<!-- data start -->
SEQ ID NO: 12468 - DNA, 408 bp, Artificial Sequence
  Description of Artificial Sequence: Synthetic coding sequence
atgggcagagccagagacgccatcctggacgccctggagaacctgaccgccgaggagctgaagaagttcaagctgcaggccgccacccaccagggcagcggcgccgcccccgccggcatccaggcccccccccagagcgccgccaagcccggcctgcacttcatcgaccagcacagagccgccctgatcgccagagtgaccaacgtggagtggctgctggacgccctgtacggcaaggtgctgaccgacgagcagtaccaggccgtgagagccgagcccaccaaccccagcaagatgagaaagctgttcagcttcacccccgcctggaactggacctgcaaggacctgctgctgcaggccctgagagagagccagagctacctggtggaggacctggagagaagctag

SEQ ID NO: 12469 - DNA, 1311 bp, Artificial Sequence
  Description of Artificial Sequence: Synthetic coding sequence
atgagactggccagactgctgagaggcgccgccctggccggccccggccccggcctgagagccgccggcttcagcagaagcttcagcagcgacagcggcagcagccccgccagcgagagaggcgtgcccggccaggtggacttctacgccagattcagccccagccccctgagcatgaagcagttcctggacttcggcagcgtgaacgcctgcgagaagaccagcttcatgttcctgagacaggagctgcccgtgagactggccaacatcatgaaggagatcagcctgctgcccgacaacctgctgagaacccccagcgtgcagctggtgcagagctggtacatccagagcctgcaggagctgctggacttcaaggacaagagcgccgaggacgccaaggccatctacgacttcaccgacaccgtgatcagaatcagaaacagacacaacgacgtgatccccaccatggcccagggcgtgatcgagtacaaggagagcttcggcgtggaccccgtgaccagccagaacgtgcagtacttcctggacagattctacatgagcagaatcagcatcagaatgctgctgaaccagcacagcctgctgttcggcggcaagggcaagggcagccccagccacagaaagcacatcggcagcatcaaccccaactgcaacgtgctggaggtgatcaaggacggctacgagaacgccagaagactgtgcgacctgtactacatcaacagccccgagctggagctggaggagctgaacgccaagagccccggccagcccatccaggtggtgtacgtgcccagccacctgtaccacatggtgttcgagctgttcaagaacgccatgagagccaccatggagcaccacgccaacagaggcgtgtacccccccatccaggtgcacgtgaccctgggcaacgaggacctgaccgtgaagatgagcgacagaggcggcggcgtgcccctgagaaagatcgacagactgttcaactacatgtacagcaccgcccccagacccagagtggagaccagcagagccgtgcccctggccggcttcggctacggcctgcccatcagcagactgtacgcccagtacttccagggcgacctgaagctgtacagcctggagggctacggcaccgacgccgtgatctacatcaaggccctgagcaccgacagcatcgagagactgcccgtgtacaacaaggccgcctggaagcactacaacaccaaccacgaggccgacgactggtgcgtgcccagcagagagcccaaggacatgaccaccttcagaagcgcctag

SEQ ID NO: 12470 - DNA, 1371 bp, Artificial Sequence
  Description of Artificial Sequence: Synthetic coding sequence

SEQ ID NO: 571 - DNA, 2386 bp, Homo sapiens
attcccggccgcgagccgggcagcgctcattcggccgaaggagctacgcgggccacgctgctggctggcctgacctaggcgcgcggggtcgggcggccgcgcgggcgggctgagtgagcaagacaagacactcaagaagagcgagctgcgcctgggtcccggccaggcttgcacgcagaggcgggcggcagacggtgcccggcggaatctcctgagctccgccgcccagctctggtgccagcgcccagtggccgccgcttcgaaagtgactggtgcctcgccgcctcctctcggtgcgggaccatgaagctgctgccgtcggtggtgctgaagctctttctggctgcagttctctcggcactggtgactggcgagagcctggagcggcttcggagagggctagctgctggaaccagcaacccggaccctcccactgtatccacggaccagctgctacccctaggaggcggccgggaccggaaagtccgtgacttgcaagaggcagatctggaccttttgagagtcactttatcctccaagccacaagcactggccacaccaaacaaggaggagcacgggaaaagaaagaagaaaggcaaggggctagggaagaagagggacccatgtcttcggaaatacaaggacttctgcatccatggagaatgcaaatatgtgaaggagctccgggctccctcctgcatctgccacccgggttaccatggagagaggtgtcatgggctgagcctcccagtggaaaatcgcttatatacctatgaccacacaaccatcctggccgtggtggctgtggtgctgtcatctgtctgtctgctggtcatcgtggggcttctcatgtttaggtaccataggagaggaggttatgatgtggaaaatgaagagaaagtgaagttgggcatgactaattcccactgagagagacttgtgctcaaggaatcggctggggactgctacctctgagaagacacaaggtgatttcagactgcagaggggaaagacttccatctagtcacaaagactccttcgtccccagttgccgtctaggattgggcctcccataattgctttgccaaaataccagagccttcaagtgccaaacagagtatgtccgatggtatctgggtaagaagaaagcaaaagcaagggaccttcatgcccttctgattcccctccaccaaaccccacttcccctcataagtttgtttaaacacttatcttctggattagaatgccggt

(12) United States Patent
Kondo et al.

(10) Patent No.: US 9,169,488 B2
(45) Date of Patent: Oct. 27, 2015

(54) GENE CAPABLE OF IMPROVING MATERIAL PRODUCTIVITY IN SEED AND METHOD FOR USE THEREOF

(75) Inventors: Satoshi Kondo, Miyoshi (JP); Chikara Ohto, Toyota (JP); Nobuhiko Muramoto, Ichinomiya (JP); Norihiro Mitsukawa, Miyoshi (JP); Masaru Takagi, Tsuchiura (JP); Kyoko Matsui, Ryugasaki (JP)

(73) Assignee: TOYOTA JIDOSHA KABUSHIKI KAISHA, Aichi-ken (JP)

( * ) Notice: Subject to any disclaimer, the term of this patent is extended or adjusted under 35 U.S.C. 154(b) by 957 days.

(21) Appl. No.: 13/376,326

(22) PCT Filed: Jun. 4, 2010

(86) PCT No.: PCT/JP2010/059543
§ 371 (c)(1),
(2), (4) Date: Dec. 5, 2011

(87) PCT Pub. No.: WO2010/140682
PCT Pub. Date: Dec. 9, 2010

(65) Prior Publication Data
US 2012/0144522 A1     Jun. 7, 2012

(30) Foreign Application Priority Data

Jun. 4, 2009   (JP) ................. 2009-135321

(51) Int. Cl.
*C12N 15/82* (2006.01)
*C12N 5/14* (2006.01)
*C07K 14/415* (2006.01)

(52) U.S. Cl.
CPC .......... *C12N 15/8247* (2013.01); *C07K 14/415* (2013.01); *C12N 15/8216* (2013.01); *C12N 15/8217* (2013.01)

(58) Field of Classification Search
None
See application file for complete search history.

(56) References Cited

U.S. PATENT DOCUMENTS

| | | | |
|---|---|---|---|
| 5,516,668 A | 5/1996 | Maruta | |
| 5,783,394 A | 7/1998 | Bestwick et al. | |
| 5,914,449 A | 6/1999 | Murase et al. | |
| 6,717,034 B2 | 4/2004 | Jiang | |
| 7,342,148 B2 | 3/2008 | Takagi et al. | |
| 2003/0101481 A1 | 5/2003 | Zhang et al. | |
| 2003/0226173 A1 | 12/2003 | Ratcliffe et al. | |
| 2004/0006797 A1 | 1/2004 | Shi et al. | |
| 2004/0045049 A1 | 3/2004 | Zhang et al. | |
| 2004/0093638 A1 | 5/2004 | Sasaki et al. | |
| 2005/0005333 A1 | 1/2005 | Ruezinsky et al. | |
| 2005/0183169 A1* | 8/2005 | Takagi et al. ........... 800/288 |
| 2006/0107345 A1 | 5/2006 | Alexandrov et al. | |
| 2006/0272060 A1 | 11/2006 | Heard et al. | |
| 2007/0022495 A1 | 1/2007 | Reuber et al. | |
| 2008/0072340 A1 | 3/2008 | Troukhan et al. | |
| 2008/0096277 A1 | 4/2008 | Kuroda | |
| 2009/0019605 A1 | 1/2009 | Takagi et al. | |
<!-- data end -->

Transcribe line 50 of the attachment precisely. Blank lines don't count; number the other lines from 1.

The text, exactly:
| 2004/0006797 A1 | 1/2004 | Shi et al. | |